The most talked about solution to maintaining the “quality of theatre criticism” is trying to absorb good bloggers into the current structure by making them staff writers. The problem is that you’re incorporating people into a system that’s already falling apart. Theatre criticism is no longer a full-time occupation, and these posts simply do not pay enough for it to be the only means of sustenance for a critic. Out of some of the well-known critics I know: one has a bespoke self-employed legal business, another teaches critical writing at several universities, and another is a semi-retired architect. My current salary is over £25,000 p.a. (and that’s pretty mediocre for London), and if I were to move into a full-time paid critical position it would certainly have to come close to matching that or I simply wouldn’t be able to live and review at the same time unless I’m prepared to really tighten my belt, or have a considerable amount of capital to fall back on. Given that my mother’s parents were refugees and my father grew up in the poor part of Swansea, unless there’s some Nigerian Prince who is inexplicably related to me and wants to transfer some royal funds into the UK via my bank account, there’s not much chance of me replacing Paul Taylor anytime soon.
Work, Work, Work, Work, Work
“Back when I was reviewing on average 3 shows a week, you’re looking at up around 16 hours a week that goes into Grumpy Gay Critic…That’s a total working/writing time of about 50 hours per week.”
So, unless you’re somewhat privileged, the only course of action is to blog or write unpaid for a publication on top of a full time job. I work a 37.5 hour week meaning that any shows I go to see are in the evenings after work. My write-up time is essentially lunchtime, any time in the evening I’m not out at a show, and my weekends. Each review for me takes about 2-3 hours from first draft to final proof. So, back when I was reviewing on average 3 shows a week, you’re looking at up around 16 hours a week that goes into Grumpy Gay Critic (3x approximately 2.5 hours shows, and 3x approximately 3 hours writing time per review). That’s a total working/writing time of about 50 hours per week.
I am by far not the only independent critic in this situation. Many bloggers and indie reviewers also work full time. Some sites are run and coordinated by people who also work full time. So So Gay, where I started reviewing, was just that. The entire team of editors, sub editors, and contributors were voluntary and had full-time jobs, and yet So So Gay still managed to be nominated alongside The Guardian for Stonewall’s “Publication of the Year” in 2011. Many existing sites are run on a similar unpaid model, using ad revenues to cover the running costs, as well as there being us solo souls that pour our leisure hours into reviewing theatre. Being a blogger or an independent critic is a LOT of time and energy. We do it because we love the theatre, sacrificing a lot of our spare time to do this because we want to.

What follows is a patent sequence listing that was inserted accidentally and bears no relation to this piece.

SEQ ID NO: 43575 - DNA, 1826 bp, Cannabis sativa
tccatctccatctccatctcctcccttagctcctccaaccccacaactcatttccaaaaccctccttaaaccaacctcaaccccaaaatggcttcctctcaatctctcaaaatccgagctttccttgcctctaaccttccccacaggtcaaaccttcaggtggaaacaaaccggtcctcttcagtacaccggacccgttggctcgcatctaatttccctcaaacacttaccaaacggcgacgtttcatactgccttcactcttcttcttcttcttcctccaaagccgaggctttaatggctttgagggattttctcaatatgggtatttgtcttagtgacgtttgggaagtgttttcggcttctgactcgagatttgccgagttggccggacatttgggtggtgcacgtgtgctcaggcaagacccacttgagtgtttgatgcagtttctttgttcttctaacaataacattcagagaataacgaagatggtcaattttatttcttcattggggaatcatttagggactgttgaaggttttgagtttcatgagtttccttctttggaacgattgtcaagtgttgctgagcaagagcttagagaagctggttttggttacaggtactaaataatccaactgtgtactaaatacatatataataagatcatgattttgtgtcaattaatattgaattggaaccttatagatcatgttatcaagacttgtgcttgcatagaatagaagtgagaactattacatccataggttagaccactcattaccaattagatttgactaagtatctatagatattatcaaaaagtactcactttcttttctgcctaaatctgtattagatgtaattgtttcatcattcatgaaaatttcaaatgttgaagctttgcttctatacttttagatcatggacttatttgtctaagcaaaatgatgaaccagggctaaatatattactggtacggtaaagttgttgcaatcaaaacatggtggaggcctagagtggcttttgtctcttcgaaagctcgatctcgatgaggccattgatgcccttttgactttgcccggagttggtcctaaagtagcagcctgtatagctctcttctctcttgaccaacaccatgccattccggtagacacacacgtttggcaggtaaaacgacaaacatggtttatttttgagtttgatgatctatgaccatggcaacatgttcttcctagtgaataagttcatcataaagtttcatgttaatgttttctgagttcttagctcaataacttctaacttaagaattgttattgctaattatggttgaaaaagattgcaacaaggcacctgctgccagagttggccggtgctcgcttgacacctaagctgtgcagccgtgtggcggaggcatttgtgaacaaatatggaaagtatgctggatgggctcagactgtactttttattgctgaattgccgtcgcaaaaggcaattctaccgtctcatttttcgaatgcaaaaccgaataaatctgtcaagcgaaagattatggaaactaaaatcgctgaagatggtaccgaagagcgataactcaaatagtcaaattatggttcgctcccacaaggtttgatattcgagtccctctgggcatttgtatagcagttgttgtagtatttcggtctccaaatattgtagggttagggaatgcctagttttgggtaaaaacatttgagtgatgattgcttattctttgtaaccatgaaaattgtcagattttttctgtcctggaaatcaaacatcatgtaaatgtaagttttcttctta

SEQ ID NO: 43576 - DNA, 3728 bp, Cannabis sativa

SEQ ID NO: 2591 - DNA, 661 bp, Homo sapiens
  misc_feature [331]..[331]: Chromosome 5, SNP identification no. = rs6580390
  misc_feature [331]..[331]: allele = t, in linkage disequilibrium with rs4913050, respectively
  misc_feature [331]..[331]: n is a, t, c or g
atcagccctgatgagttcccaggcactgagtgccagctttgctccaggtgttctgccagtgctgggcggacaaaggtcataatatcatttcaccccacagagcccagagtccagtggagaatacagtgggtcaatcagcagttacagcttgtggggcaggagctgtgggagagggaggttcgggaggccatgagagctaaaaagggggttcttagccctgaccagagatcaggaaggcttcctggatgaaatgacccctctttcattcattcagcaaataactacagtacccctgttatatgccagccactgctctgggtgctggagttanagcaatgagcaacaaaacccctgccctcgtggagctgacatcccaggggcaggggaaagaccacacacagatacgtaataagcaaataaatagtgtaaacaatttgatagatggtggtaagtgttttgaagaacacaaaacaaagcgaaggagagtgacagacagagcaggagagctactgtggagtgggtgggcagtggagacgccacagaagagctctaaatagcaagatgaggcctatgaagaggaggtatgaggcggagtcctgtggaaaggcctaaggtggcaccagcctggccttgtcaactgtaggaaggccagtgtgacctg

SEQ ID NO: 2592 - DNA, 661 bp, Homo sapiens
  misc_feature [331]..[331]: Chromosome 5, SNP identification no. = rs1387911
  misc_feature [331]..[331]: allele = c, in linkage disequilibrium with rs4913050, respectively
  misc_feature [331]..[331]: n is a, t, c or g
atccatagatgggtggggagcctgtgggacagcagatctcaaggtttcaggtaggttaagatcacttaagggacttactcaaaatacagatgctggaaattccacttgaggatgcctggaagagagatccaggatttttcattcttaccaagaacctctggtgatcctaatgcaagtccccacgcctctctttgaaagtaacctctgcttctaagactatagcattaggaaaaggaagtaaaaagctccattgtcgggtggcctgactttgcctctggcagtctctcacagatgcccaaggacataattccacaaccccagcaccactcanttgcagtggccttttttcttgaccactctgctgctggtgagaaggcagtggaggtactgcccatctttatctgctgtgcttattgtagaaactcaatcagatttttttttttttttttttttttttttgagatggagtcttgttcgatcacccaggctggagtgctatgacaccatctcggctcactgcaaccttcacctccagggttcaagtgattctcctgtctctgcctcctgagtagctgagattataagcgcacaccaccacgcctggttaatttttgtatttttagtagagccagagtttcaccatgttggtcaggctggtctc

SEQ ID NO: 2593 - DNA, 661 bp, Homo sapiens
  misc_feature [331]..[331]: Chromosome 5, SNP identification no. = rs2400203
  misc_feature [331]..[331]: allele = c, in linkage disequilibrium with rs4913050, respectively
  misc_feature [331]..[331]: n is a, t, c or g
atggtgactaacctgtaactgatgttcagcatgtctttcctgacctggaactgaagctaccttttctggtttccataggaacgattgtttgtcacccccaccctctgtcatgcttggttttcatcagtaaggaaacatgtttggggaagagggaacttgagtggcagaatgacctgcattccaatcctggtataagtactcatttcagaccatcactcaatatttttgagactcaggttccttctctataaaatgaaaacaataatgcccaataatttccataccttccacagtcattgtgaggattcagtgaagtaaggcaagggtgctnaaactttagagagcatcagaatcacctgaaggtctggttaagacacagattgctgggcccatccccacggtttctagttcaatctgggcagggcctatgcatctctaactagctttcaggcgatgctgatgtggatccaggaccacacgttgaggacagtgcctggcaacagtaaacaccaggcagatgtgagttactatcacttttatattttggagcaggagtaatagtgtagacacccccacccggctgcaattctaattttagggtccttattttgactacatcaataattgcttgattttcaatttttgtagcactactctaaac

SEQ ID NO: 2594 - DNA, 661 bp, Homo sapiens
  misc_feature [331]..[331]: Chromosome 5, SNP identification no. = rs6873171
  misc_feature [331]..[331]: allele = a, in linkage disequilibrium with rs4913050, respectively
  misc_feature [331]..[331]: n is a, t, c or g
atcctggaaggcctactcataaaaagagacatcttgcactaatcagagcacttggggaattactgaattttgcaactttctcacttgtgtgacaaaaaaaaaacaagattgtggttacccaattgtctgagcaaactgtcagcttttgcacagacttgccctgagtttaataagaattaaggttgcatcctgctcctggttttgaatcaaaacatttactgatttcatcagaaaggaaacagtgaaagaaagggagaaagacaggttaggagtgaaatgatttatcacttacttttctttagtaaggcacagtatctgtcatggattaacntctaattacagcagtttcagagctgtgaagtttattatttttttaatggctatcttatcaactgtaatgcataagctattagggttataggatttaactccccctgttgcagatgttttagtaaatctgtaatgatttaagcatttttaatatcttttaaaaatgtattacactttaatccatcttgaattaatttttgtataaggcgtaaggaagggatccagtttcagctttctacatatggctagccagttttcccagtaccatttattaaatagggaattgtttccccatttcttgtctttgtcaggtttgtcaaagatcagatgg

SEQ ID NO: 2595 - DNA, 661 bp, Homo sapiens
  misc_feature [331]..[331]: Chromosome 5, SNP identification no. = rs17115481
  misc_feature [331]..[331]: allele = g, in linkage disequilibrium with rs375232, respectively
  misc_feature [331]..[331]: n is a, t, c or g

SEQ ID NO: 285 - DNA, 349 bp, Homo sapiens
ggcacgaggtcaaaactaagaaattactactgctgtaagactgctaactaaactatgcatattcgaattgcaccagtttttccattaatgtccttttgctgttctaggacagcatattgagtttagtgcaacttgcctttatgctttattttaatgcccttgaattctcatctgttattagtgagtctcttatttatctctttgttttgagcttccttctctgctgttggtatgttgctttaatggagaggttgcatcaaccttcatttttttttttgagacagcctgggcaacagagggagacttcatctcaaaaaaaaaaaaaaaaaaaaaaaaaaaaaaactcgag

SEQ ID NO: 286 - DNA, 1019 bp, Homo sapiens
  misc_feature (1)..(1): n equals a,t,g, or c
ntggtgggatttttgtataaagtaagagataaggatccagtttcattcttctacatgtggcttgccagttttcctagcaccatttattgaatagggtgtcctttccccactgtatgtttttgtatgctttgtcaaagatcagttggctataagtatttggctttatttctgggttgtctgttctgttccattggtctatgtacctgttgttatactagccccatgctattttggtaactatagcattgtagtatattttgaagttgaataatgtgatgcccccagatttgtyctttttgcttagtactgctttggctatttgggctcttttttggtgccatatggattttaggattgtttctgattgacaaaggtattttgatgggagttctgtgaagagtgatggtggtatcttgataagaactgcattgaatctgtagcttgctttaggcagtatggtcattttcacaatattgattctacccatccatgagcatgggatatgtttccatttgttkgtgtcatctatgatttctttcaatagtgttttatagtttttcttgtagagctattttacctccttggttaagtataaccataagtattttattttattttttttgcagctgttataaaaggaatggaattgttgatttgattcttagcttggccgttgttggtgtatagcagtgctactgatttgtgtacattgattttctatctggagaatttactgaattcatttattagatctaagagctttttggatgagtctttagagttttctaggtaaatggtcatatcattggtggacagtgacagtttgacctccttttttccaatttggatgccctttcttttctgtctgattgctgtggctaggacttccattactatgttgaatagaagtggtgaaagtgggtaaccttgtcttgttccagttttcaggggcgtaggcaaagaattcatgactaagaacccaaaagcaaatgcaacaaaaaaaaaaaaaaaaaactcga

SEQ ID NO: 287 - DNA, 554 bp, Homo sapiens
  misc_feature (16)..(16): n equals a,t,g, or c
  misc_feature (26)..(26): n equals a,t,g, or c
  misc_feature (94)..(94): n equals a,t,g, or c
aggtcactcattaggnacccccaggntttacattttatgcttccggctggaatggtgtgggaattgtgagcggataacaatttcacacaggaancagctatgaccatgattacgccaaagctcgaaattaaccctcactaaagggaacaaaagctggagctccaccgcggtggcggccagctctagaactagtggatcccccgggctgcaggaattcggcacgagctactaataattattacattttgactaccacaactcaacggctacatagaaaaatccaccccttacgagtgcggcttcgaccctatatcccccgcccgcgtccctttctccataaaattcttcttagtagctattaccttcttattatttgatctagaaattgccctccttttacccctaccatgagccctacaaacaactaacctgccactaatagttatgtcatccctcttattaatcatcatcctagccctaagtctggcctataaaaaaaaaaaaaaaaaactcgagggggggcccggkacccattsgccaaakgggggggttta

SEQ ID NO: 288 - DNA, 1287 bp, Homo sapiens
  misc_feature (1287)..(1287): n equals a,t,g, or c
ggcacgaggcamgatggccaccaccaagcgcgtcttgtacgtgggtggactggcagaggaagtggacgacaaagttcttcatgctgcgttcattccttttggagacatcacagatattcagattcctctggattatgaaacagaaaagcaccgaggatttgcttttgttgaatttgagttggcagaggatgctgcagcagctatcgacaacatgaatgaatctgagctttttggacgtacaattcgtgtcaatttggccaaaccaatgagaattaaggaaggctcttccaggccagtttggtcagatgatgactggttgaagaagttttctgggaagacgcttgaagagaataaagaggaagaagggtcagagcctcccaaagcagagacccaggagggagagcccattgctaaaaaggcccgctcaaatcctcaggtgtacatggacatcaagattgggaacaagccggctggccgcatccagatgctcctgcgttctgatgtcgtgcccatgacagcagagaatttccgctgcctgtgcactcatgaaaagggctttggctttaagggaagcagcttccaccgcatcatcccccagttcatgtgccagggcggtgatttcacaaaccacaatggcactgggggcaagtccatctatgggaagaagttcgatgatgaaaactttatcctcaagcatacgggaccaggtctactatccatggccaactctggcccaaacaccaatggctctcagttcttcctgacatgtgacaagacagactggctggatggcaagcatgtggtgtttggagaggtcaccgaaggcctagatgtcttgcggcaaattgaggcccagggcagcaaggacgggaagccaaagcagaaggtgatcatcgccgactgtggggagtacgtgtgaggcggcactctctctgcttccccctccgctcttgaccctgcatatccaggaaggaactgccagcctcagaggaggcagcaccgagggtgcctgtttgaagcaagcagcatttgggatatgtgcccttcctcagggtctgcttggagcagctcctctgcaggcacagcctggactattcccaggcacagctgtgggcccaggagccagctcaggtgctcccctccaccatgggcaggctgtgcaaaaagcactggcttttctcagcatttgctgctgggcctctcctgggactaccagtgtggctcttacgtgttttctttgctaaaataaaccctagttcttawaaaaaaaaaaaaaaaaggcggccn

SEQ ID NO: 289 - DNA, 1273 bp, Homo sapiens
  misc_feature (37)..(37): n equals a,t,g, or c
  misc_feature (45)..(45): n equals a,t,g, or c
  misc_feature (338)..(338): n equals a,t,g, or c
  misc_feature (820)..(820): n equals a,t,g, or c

We manage to make it work, but sometimes only just. What’s Peen Seen?, a great site that I was privileged to write for, closed because Adam Penny, it’s owner, was unable to sustain it on top of a full time job. Even among the Theatre Bloggers network, there are sometimes the odd voice that seeks advice because they’re finding it difficult to sustain what they’ve created, expanded upon, and been successful with. Those who stay sometimes stay at the skin of the teeth, having to make compromises to do so.
How To Fix It?
“Unless we figure it out, the critical scene will always be a collection of good voices that will pipe up but will eventually be lost because they cannot be sustained, plus a conveyor-belt of wealthy individuals who can put the time in because they have the money.”
So you can see the problem: “top critics” see the only solution is to preserve the dying status quo by subsuming struggling voices into a structure that does not address the issue that makes that voice struggling in the first place; with independent critics being unable to sustain their craft unless they’re financially wealthy. But how can something be sustained when the means to sustain it no longer exists? This is why the conversations about sustaining theatre criticism, especially among bloggers and independent critics, is actually far more important than protection the “quality” and “future” of theatre criticism. Unless we figure it out, the critical scene will always be a collection of good voices that will pipe up but will eventually be lost because they cannot be sustained, plus a conveyor-belt of wealthy individuals who can put the time in because they have the money.
One possible solution is for independent critics and/or critical posts to be sponsored by various bodies within the industry, as the Boston Globe did recently, but, as Michael Billington pointed out, it does pose questions about the impartiality of reviews. But does the fact that it can fully fund a critic outweigh possible conflicts of interests, especially as some would argue this type of funding is tantamount to advertising anyway? But again, we need to discuss this, and not what makes a blogger worthy enough to write, and what platform is worthy of publishing an opinion!